History of Stewartville Tigers Trap Team
In 2014, the Stewartville Sportsman's Club and the Stewartville High School joined forces to establish the Stewartville Tigers Trap Team. Joe Waugh, former club and school board member, played a crucial role in bringing the idea to life by getting young youth involved in the sport of shooting.
In the spring of 2015, eleven students signed up under head coach, John Russell. While fall 2015 season brought a slight drop in numbers, word traveled fast and soon the roster doubled in size for the spring 2016 season. The team participates in two seasonal leagues each year and averages 35 students per season.
The team's quick success earned them a 2nd place finish during the fall 2017 season.
What is trap shooting
Trapshooting is one of the three major sports of competitive clay target shooting sports with a shotgun. The other primary shooting sports are
skeet shooting and sporting clays.
They are distinguished roughly as follows:
• In trapshooting, the targets are launched
from a single “house” or machine,
generally away from the shooter.
• In skeet shooting, targets are launched
from two “houses” in somewhat “sideways”
paths that intersect in front of the shooter.
• Sporting clays includes a more complex course,
with many launch points.
The layout of trapshooting field differs from that of a skeet field and/or a sporting clays course. There are variations of events within each shooting sport group.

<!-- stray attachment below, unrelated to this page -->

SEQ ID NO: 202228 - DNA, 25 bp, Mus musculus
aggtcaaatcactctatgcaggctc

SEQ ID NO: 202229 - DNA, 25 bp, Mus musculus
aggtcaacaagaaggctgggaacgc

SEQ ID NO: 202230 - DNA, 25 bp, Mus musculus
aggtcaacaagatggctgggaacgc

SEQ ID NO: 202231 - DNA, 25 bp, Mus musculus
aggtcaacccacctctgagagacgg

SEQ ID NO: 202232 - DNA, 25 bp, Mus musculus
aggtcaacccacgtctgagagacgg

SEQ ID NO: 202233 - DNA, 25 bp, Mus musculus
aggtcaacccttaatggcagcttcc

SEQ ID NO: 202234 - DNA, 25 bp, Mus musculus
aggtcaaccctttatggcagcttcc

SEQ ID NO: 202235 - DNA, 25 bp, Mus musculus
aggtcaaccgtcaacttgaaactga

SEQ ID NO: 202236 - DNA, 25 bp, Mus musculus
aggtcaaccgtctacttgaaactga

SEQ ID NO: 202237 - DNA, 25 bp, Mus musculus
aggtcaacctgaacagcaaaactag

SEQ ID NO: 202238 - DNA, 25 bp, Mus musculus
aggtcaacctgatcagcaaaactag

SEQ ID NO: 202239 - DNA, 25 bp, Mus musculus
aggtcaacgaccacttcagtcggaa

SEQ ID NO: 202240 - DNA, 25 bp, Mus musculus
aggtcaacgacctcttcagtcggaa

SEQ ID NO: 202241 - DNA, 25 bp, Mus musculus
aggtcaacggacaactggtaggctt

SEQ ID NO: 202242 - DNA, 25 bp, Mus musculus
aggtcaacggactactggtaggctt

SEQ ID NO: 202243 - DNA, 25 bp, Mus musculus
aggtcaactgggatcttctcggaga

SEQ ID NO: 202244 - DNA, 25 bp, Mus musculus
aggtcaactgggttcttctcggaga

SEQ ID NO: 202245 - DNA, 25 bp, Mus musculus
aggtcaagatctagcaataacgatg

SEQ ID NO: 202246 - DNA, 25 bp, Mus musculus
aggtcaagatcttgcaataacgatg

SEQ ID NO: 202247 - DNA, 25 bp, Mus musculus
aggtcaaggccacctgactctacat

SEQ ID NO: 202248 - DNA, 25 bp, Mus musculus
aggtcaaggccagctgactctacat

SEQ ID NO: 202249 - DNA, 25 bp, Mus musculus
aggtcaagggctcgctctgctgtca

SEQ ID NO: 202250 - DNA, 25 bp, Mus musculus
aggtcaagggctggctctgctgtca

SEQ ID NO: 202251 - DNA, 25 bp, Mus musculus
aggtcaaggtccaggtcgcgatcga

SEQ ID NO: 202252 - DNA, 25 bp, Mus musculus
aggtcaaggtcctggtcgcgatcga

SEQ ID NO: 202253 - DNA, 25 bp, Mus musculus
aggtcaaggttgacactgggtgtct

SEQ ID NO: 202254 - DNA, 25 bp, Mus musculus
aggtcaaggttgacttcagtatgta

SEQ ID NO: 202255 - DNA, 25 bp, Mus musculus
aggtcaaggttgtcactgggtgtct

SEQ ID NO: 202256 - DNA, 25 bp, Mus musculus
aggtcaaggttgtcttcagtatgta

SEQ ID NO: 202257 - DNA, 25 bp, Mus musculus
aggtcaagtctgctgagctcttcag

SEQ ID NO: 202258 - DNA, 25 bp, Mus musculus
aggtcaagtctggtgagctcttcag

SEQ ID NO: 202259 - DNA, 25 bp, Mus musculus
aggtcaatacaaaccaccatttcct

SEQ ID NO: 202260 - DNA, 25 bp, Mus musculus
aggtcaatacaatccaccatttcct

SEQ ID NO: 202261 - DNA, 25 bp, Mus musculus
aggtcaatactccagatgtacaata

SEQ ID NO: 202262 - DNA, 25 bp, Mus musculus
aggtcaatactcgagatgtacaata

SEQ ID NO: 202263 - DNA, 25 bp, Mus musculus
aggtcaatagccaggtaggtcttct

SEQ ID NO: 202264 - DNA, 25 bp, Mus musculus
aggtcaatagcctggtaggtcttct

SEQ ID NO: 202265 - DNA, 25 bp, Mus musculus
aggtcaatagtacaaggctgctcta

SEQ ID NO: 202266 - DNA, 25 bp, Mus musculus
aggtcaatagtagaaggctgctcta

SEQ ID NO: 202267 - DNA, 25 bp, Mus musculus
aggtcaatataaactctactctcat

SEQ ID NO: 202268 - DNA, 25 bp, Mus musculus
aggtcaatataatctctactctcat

What a trap field looks like
The trap field refers to the entire layout of the trap house and shooting positions on the station. The station is the concrete walkway that contains multiple shooting positions (16 to 27 yards from the trap house) where the shooter stands.
The trap house is the structure in front of the stations from which the clay targets are released. The trap machine that is filled with clay targets is located in the trap house and oscillates left to right within a 54 degree arc (up to 27 degrees right and left of center), and at least a 34 degree arc
(up to 17 degrees right and left of center).
The competitor does not know where in that arc the target will emerge when they call for a target via a voice-activated microphone or by a puller – a person who uses an electric switch to release the target.